Separatists may not boycott LS polls in Kashmir | india | Hindustan Times
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Separatists may not boycott LS polls in Kashmir

It's unlikely that separatists in Jammu and Kashmir will boycott the upcoming Lok Sabha polls. After an overwhelming 62 per cent voter turnout in the recent assembly polls, the view among separatists is that people should be allowed to choose whether they want to vote or not. Arun Joshi reports.

india Updated: Feb 07, 2009 00:32 IST
Arun Joshi

It's unlikely that separatists in Jammu and Kashmir will boycott the upcoming Lok Sabha polls. After an overwhelming 62 per cent voter turnout in the recent assembly polls, the view among separatists is that people should be allowed to choose whether they want to vote or not.

Clearly, it’s better than being left red-faced.

Separatists have been boycotting Lok Sabha elections since 1989. Now, they are looking for a positive strategy to express their view rather than resort to boycotts and protests.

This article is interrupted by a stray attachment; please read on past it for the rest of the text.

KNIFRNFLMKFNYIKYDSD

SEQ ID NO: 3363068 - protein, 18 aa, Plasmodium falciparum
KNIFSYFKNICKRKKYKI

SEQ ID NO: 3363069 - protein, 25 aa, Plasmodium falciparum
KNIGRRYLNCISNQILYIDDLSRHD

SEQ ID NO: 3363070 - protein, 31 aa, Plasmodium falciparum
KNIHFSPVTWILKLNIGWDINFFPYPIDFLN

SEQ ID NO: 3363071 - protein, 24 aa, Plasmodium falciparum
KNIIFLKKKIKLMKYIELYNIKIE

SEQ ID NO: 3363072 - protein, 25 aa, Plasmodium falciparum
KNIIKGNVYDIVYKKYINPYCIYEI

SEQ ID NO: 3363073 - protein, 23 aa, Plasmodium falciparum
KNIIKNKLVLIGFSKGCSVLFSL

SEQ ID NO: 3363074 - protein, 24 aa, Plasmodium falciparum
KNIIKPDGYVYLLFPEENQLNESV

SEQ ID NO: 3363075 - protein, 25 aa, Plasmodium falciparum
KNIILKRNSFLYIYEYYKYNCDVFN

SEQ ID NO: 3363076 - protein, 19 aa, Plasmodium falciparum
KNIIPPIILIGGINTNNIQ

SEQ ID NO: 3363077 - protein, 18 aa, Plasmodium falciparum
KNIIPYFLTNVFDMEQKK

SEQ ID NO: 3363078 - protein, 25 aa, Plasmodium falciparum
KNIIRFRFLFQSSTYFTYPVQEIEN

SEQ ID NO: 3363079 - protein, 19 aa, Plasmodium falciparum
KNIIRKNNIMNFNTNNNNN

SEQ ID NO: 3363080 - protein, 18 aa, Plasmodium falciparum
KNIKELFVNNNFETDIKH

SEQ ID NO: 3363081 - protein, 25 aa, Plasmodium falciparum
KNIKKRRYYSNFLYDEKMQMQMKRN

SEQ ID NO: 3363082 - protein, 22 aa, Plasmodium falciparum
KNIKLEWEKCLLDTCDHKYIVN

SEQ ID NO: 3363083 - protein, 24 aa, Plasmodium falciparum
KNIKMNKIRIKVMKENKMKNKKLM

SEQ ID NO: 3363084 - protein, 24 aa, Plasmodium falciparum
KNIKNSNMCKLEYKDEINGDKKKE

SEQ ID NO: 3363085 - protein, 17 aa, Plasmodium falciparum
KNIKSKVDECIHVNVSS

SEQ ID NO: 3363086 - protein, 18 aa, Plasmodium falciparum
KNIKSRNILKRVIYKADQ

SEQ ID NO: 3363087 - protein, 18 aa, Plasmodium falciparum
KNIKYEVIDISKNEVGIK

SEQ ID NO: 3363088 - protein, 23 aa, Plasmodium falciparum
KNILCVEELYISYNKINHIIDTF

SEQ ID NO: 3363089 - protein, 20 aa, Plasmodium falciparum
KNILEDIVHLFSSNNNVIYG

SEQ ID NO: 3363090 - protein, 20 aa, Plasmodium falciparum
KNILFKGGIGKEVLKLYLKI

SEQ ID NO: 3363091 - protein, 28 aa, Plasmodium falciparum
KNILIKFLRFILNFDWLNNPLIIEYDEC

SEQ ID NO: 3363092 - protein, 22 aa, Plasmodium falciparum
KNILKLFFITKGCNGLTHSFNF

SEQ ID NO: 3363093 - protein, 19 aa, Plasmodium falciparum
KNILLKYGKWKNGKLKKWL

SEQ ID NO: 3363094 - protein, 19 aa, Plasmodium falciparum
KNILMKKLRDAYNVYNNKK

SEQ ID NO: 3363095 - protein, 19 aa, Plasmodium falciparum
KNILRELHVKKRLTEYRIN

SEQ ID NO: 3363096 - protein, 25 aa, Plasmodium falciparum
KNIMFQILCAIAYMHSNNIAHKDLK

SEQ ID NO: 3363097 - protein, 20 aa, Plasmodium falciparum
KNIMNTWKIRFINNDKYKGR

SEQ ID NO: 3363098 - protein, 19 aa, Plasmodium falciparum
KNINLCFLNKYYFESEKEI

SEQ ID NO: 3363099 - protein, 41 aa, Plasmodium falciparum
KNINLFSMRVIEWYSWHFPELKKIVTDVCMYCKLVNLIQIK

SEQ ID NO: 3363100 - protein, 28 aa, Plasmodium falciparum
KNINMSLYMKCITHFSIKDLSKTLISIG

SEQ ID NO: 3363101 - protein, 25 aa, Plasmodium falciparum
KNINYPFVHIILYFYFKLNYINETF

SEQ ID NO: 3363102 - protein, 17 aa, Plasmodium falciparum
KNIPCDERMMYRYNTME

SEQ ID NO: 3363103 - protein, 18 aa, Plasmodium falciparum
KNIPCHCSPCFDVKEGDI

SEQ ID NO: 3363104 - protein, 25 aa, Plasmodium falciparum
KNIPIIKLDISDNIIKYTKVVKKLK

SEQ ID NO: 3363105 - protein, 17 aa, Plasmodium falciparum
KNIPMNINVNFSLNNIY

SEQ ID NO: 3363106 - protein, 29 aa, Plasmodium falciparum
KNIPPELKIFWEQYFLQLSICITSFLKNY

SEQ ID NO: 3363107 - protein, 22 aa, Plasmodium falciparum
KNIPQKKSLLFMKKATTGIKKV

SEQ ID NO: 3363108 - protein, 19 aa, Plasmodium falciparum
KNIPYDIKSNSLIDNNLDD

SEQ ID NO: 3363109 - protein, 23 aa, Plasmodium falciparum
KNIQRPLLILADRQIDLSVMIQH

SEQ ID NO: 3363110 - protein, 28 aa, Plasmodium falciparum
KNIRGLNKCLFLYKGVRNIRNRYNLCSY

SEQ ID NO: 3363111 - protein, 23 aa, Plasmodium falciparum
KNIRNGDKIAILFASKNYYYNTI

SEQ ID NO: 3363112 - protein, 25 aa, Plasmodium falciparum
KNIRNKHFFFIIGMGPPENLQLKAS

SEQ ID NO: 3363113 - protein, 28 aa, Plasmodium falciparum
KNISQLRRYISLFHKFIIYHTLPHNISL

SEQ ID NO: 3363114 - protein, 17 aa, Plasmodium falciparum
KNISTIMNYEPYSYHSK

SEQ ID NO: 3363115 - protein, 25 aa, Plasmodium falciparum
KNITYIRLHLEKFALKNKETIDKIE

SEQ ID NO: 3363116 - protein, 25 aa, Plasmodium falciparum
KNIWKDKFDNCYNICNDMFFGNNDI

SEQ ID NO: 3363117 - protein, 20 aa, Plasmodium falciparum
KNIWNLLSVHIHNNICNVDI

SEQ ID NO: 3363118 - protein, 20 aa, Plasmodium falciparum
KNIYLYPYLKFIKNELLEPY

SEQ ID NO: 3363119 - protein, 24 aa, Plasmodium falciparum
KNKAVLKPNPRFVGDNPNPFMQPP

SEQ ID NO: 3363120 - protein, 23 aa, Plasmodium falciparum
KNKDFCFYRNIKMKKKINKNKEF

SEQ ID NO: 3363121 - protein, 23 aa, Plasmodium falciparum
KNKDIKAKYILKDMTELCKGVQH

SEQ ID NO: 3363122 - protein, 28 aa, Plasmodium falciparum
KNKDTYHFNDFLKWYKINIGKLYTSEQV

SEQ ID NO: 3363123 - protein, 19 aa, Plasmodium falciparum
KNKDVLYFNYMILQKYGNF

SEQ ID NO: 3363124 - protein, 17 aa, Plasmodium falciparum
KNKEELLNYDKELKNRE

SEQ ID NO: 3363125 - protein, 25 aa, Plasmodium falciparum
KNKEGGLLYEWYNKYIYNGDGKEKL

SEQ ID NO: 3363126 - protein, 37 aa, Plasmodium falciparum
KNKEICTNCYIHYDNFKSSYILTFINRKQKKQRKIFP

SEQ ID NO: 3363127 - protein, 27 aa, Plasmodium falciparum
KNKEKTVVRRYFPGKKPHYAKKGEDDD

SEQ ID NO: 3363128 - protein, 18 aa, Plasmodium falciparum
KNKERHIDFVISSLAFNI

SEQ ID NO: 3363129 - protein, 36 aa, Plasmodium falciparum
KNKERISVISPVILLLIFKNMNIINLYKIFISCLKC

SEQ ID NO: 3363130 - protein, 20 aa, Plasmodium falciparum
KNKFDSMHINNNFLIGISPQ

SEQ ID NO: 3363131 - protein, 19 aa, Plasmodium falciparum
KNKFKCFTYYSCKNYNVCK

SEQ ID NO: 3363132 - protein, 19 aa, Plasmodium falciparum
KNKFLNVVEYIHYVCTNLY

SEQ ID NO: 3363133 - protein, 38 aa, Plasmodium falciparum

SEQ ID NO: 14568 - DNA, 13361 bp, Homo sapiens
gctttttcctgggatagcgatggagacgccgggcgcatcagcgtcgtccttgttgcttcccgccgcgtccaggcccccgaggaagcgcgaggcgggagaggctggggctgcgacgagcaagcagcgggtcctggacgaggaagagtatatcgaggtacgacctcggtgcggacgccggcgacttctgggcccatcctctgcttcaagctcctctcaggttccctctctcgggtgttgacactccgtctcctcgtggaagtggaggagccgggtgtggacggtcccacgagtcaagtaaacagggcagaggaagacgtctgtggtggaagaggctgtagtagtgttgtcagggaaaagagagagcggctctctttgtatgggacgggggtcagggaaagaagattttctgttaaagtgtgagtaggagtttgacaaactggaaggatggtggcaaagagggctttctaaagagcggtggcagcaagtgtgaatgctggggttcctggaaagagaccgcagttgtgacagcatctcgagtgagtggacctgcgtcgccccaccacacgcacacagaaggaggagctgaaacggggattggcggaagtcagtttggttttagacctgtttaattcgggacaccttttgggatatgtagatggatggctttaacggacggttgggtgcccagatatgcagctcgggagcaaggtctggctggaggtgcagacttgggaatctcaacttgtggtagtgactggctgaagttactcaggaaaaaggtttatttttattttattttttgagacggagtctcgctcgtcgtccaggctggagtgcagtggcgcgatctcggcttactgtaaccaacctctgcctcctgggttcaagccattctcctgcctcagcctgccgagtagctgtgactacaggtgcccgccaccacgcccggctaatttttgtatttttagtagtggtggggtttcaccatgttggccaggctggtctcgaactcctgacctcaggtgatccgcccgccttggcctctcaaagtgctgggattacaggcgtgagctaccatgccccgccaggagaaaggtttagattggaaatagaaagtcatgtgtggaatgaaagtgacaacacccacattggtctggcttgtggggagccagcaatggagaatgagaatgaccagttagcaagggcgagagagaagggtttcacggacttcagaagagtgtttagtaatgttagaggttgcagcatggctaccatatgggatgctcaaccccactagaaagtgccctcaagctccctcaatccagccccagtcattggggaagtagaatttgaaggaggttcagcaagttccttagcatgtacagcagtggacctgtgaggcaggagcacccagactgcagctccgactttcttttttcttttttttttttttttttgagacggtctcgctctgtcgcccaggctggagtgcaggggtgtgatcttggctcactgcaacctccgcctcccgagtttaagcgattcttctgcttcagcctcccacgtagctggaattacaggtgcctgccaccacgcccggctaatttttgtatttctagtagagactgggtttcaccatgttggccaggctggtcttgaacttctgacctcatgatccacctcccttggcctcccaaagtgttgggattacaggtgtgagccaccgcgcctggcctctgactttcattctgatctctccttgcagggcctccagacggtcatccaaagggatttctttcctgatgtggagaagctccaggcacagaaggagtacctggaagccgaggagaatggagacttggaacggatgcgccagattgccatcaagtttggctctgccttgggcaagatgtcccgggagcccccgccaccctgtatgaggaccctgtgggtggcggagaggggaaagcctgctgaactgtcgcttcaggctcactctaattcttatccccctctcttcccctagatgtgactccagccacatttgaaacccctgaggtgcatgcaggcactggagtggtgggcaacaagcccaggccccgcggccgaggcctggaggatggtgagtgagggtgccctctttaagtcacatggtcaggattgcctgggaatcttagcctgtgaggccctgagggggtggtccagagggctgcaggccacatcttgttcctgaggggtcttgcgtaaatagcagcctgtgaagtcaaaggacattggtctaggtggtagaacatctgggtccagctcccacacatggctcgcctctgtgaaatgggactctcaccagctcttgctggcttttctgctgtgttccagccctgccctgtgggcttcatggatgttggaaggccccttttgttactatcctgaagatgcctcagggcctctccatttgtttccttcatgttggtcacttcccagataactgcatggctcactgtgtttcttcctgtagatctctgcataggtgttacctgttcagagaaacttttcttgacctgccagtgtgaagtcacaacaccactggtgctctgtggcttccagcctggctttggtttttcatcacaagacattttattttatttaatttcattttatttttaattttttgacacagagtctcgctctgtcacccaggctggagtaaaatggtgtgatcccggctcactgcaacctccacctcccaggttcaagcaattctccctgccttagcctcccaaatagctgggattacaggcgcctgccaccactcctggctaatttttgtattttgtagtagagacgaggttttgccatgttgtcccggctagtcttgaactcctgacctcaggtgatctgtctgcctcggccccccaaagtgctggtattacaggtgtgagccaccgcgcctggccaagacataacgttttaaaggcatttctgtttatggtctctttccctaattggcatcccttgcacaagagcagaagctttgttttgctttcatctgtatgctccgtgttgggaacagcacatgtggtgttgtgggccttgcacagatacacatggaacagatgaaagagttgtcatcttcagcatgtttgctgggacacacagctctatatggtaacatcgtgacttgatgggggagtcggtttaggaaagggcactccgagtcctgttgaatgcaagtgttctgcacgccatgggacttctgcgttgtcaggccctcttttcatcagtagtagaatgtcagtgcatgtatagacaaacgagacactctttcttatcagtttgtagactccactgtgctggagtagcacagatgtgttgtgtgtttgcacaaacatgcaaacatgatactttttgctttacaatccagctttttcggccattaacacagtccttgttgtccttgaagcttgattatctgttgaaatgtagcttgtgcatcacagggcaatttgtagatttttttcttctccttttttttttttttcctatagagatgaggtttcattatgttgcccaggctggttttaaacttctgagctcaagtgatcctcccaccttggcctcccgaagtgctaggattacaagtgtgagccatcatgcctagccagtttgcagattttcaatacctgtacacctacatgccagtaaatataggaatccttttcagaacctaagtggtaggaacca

Though All Parties Hurriyat Conference chairman Mirwaiz Umer Farooq did not give a direct answer, he said the Lok Sabha elections were different from Assembly polls. “But we have to discuss the matter,” Farooq said.

Boycott history
Separatists have been boycotting Lok Sabha polls since 1989, when only 2% voted.
The threat of violence was so high that J&K did not have the LS polls in 1991.
In 1996, 1998, 1999 and 2004, polls were boycotted.
In 2008 Assembly polls, despite the boycott call, 62% of the 65 lakh voters cast their votes.
Fazal-ul-Haq Qureshi, executive member of Hurriyat Conference and leader of Peoples Political Front, said: “We should not issue a boycott call because that doesn’t serve any purpose.” According to Qureshi, boycotting elections has always been a matter of debate. “It should be left to the people,” he said.

Javed Mir, leader of Jammu Kashmir Liberation Forum, said: “We have to take a step after weighing the backdrop of the Assembly polls. It should be a well thought out decision based on ground realities.”

Separatist leader Syed Ali Shah Geelani, who heads the rival faction of Hurriyat Conference, is one of the few who maintains the polls must be boycotted. “It is then for the people to decide which way they want to go,” he said.

JKLF chairman Yasin Malik and Abdul Ghani Bhat, former Hurriyat chairman, who led the boycott call, could not be reached for comments.